However, more fund managers and economists are increasingly saying they're worried that may not hold.
What they're saying: The main factors holding down inflation, at least in the U.S., are technology and income inequality, says David Kelly, chief global strategist at JPMorgan Asset Management. That's been helped by the U.S.-China trade war, which has damaged business sentiment and investment, holding down demand.
- "You’ve got this increasingly unequal distribution of income that is preventing aggregate demand from getting too high."
- "You can’t change the information technology but if you do push up aggregate demand you could suddenly have a rush of inflation."
What to watch: Kelly also sees the unequal growth of assets in relation to the growth of the real economy as keeping inflation contained. But that could change.
- "We’ve been avoiding that right now because the ownership of the assets is so tilted towards upper-income individuals who don’t spend them."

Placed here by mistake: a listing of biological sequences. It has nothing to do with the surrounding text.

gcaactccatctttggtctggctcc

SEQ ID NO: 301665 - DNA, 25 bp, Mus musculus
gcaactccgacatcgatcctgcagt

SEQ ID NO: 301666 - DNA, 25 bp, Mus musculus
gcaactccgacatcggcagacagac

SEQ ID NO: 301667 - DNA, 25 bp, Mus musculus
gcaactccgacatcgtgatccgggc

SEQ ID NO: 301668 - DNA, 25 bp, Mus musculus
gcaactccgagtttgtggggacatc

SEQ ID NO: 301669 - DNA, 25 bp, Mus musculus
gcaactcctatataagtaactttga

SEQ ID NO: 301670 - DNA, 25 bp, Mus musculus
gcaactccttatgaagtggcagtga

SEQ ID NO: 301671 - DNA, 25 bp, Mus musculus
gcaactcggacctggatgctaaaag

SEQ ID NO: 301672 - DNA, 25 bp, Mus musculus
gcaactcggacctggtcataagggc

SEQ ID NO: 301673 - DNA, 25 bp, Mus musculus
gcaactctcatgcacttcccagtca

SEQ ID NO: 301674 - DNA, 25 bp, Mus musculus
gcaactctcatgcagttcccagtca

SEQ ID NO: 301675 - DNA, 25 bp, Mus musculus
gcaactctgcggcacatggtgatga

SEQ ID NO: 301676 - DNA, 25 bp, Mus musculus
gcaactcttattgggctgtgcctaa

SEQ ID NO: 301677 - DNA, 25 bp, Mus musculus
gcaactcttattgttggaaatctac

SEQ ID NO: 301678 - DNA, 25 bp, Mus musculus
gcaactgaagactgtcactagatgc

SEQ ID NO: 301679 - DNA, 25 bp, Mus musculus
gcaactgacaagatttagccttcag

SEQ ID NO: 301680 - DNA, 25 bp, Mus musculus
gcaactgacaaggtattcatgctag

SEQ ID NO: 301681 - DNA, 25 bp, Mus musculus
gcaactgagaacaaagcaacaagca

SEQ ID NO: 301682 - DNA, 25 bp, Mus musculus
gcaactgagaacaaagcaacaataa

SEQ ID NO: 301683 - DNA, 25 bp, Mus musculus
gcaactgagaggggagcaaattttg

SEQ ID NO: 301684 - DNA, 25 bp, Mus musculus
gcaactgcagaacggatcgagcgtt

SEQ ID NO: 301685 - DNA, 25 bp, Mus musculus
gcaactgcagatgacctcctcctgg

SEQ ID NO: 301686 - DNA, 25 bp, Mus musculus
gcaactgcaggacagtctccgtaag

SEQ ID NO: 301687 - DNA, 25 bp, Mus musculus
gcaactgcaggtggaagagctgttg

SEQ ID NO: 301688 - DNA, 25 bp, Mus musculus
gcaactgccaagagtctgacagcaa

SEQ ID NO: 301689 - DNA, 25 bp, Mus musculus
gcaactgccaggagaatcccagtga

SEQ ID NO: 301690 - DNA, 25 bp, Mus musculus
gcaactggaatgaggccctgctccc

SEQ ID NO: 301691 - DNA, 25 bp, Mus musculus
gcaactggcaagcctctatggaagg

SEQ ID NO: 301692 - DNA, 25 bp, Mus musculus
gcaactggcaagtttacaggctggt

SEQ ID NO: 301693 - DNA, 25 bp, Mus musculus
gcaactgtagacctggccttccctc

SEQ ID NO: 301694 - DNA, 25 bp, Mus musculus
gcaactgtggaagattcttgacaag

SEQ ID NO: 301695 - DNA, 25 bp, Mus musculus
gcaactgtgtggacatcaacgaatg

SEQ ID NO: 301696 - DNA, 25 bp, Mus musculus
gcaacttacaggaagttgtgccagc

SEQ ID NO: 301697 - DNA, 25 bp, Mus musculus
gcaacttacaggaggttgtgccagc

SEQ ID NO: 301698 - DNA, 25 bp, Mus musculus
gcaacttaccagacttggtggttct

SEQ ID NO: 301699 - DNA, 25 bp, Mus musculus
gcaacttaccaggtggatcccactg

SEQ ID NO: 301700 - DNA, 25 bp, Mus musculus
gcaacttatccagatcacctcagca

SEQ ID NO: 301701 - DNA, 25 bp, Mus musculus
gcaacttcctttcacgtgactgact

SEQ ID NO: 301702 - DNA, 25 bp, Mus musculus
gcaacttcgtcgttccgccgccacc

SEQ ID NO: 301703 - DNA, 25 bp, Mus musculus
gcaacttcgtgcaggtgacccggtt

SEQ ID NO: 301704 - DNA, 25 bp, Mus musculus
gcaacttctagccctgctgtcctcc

- "But the day that those assets get spent, or people think they’re going to get spent, or you have MMT or big tax cuts for the poor, things are going to get sticky," Kelly says.
2. Catch up quick
Hong Kong's government expects the city's economy will shrink by 1.3% this year, the first contraction since the global financial crisis. (Bloomberg)
White House economic adviser Larry Kudlow said negotiations with China for a "phase one" trade agreement were coming down to the final stages, but were "not done yet." (Bloomberg)
Amazon said the Pentagon's decision to award a potential $10 billion cloud computing contract to Microsoft "contained clear deficiencies, errors, and unmistakable bias." (CNBC)